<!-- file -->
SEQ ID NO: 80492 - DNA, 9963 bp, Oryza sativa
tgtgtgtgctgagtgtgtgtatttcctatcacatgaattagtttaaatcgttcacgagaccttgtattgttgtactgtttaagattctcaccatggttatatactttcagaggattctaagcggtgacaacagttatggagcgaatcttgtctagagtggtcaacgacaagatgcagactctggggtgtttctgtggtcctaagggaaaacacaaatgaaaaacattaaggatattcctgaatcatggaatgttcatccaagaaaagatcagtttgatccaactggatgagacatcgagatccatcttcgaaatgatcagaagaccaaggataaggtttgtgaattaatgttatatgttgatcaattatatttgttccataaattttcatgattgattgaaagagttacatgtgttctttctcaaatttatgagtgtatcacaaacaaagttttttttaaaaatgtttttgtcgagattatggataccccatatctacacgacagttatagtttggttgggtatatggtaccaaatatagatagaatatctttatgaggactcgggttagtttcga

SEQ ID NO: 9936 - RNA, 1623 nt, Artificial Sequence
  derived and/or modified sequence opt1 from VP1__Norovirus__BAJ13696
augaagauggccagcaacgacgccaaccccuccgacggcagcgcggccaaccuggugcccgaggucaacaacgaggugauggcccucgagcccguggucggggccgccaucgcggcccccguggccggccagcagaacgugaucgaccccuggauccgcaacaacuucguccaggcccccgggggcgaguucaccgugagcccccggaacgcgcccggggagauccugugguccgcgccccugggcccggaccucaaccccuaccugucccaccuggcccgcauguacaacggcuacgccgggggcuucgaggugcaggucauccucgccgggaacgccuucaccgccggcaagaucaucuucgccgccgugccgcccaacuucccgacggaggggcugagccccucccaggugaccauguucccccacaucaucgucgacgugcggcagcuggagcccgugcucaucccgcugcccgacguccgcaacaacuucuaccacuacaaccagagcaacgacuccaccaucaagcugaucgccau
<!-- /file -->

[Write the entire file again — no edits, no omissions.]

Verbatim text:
SEQ ID NO: 80492 - DNA, 9963 bp, Oryza sativa
tgtgtgtgctgagtgtgtgtatttcctatcacatgaattagtttaaatcgttcacgagaccttgtattgttgtactgtttaagattctcaccatggttatatactttcagaggattctaagcggtgacaacagttatggagcgaatcttgtctagagtggtcaacgacaagatgcagactctggggtgtttctgtggtcctaagggaaaacacaaatgaaaaacattaaggatattcctgaatcatggaatgttcatccaagaaaagatcagtttgatccaactggatgagacatcgagatccatcttcgaaatgatcagaagaccaaggataaggtttgtgaattaatgttatatgttgatcaattatatttgttccataaattttcatgattgattgaaagagttacatgtgttctttctcaaatttatgagtgtatcacaaacaaagttttttttaaaaatgtttttgtcgagattatggataccccatatctacacgacagttatagtttggttgggtatatggtaccaaatatagatagaatatctttatgaggactcgggttagtttcga

SEQ ID NO: 9936 - RNA, 1623 nt, Artificial Sequence
  derived and/or modified sequence opt1 from VP1__Norovirus__BAJ13696
augaagauggccagcaacgacgccaaccccuccgacggcagcgcggccaaccuggugcccgaggucaacaacgaggugauggcccucgagcccguggucggggccgccaucgcggcccccguggccggccagcagaacgugaucgaccccuggauccgcaacaacuucguccaggcccccgggggcgaguucaccgugagcccccggaacgcgcccggggagauccugugguccgcgccccugggcccggaccucaaccccuaccugucccaccuggcccgcauguacaacggcuacgccgggggcuucgaggugcaggucauccucgccgggaacgccuucaccgccggcaagaucaucuucgccgccgugccgcccaacuucccgacggaggggcugagccccucccaggugaccauguucccccacaucaucgucgacgugcggcagcuggagcccgugcucaucccgcugcccgacguccgcaacaacuucuaccacuacaaccagagcaacgacuccaccaucaagcugaucgccau